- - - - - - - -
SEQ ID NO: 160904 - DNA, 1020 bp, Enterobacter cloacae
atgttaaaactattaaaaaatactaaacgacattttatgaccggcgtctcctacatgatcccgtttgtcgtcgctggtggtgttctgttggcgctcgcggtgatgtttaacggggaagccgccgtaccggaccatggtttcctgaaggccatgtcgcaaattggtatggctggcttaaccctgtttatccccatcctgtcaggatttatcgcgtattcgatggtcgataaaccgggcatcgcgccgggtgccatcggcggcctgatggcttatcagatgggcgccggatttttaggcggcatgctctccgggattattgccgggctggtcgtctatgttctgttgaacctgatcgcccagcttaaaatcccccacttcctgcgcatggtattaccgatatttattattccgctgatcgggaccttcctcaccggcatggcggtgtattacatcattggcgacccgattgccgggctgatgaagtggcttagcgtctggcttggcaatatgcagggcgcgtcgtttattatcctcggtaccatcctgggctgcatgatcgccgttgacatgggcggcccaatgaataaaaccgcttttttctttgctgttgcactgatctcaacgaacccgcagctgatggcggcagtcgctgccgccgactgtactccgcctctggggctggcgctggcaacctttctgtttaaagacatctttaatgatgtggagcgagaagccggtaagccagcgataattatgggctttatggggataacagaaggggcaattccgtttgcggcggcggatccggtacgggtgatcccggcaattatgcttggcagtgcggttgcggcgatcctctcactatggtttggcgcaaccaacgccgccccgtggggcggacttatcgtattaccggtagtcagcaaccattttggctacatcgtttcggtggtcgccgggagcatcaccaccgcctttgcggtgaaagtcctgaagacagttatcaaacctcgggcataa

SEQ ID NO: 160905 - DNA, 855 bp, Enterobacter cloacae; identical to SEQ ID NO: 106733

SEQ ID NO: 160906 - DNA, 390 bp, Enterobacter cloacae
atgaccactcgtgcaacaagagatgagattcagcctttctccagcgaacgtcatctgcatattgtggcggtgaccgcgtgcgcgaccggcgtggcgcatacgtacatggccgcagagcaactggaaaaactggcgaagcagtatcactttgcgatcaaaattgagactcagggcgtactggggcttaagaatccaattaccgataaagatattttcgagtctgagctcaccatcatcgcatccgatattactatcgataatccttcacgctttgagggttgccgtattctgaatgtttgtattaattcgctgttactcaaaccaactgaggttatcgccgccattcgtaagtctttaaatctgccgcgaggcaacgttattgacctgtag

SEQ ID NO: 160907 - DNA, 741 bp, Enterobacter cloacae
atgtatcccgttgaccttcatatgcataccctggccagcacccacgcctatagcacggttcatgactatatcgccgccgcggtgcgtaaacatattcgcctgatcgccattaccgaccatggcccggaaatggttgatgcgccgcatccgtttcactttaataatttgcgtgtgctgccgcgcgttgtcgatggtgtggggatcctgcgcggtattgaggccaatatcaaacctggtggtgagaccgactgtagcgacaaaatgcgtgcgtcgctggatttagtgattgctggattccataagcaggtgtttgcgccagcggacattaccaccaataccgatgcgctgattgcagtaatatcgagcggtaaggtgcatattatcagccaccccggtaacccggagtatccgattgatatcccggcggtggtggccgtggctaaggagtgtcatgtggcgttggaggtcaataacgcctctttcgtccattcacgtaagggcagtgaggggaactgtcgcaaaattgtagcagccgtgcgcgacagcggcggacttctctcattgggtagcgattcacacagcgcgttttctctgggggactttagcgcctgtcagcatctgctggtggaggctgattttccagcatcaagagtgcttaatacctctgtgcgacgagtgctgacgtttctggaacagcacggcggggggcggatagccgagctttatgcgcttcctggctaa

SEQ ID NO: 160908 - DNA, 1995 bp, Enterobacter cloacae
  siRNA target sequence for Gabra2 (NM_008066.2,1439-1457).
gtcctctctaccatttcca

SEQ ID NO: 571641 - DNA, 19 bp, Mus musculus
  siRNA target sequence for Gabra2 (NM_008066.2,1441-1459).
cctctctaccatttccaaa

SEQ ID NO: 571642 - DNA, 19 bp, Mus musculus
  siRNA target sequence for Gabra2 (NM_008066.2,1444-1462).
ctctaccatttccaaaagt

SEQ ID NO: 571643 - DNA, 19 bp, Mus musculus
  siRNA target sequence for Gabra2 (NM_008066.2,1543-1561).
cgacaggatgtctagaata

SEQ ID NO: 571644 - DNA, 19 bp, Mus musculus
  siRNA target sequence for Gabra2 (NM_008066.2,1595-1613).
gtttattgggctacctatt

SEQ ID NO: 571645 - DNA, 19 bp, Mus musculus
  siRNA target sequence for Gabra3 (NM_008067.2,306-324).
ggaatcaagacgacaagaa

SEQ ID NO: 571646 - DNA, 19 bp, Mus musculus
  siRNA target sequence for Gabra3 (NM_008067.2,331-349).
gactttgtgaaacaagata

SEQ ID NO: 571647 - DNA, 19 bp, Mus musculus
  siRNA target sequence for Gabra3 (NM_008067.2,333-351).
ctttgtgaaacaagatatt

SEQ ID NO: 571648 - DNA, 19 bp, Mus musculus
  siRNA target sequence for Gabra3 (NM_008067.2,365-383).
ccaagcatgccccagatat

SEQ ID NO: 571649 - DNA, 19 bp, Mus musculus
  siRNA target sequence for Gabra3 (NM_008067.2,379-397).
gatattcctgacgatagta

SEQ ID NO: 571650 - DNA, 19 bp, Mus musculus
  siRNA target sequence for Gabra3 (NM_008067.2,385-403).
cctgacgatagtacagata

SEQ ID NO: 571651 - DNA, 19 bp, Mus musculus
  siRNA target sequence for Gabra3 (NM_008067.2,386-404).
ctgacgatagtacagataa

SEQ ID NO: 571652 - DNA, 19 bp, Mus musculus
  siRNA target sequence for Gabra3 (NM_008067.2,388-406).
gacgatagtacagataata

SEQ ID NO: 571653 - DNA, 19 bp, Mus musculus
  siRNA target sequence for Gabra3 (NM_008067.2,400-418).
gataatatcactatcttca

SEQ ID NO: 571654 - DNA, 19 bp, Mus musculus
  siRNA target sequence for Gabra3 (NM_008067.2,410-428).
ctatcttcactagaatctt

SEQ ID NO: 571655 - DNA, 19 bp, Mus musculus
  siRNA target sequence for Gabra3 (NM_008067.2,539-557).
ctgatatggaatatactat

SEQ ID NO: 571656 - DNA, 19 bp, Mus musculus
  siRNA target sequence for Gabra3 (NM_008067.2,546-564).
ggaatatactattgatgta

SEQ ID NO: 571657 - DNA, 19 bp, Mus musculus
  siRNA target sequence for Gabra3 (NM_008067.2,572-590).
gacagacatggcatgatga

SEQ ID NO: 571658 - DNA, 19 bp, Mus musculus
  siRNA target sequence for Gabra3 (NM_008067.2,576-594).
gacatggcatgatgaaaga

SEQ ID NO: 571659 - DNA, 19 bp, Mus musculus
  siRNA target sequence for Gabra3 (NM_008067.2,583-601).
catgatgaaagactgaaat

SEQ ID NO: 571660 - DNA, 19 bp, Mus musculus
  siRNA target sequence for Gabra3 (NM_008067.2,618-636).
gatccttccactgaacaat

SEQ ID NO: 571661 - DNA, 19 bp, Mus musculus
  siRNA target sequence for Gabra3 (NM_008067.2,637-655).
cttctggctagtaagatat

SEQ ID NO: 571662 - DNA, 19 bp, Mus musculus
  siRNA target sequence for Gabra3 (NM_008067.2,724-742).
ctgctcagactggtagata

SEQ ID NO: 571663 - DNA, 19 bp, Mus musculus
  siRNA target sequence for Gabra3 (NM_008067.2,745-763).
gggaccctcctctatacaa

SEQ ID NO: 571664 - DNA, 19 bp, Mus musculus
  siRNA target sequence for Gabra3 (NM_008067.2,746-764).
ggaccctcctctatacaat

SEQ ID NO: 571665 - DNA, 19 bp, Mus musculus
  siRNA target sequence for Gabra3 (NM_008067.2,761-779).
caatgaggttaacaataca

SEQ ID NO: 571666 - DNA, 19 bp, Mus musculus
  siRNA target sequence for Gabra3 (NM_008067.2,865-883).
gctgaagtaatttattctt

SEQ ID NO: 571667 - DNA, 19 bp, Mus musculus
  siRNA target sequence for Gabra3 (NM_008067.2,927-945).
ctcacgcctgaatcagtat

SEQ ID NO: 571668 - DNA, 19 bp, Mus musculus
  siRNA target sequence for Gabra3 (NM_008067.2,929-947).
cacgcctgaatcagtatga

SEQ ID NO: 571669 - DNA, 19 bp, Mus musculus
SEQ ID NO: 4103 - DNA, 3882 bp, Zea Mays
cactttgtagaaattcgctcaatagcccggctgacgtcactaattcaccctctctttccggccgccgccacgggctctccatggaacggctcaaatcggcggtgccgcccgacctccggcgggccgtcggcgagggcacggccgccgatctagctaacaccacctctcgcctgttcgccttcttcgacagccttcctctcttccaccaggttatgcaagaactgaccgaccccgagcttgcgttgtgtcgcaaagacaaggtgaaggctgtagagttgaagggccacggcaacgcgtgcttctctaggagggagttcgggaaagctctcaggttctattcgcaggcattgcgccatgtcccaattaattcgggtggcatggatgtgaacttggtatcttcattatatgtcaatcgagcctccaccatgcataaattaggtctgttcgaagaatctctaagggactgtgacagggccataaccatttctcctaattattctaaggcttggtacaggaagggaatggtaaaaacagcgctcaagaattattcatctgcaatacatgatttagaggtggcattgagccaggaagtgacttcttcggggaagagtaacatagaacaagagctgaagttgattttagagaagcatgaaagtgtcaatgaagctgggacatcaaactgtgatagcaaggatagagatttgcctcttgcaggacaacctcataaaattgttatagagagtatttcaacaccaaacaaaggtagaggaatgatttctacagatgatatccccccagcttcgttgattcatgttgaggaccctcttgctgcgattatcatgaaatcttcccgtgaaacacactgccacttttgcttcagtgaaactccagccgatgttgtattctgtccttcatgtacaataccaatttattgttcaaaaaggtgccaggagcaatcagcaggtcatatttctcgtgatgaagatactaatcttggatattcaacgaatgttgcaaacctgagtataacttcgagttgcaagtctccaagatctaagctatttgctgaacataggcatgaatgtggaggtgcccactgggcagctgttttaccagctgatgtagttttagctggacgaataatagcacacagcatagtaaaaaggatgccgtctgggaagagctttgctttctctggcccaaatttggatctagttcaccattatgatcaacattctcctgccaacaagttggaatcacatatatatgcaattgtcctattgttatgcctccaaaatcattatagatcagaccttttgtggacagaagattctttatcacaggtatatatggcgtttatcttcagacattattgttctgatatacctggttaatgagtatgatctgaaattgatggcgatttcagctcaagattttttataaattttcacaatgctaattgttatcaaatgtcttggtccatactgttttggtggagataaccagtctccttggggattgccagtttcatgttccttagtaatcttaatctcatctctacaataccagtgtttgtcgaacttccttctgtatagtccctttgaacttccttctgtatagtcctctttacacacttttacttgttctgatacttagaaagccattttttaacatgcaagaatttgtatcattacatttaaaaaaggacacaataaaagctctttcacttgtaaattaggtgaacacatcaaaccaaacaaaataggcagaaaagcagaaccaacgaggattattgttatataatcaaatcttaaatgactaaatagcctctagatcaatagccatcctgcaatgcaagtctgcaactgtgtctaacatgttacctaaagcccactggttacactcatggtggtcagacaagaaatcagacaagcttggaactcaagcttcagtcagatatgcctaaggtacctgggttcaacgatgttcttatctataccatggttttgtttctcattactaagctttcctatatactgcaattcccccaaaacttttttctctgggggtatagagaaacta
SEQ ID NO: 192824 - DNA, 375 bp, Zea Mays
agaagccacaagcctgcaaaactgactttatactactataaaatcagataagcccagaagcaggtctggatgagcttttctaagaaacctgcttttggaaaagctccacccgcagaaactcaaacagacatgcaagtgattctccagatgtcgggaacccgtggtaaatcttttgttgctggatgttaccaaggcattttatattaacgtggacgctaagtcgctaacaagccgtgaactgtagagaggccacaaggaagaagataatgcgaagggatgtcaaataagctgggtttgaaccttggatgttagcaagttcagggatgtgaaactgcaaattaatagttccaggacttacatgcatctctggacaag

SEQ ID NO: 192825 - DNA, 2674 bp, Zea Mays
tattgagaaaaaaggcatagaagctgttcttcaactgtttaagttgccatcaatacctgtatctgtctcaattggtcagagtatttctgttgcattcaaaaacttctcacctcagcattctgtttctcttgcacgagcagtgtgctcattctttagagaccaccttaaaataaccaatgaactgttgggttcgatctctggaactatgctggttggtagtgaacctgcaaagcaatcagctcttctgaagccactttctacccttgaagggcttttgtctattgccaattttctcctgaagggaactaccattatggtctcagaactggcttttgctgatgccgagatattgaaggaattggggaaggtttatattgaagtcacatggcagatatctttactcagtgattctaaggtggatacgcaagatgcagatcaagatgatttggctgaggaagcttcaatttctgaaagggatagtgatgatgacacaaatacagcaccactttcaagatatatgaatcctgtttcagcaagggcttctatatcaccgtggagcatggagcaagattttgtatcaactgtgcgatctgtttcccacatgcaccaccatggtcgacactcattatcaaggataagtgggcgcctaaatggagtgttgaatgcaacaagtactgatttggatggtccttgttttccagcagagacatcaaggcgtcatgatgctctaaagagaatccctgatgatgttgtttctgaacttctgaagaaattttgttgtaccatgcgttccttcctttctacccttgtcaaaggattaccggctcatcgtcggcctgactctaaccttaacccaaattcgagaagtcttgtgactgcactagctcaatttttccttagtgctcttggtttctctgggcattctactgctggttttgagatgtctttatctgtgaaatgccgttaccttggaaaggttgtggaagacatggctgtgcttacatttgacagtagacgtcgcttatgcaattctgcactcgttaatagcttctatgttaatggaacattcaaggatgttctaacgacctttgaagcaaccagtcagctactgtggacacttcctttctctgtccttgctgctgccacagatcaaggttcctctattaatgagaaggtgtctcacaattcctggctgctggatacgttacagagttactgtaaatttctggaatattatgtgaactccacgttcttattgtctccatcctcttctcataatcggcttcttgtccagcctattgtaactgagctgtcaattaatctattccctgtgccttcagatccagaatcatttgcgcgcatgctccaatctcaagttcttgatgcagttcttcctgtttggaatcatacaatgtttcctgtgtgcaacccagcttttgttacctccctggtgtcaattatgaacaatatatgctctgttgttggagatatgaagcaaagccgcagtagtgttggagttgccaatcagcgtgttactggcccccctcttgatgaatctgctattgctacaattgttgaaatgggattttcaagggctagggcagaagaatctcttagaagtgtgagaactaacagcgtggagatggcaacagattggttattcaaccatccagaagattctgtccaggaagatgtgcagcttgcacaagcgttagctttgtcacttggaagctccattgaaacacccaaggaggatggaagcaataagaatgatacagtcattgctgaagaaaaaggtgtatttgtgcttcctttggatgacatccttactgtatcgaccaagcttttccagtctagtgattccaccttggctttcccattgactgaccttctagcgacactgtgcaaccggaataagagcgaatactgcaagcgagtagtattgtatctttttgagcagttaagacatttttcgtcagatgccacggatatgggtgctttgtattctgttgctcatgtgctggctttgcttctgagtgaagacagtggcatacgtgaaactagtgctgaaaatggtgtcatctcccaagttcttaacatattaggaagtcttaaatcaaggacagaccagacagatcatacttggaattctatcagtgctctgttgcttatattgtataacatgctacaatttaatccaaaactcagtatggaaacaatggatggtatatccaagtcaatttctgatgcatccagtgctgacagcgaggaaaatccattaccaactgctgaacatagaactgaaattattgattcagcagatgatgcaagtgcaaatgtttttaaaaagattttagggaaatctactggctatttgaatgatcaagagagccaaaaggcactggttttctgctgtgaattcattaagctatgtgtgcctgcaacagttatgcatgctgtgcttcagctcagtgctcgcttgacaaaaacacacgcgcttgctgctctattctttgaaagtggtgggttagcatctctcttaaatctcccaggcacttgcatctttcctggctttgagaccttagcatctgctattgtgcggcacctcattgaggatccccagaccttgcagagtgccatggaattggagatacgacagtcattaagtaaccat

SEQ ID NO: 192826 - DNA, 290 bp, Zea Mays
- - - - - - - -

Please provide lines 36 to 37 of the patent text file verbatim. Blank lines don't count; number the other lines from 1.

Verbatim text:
  siRNA target sequence for Gabra3 (NM_008067.2,379-397).
gatattcctgacgatagta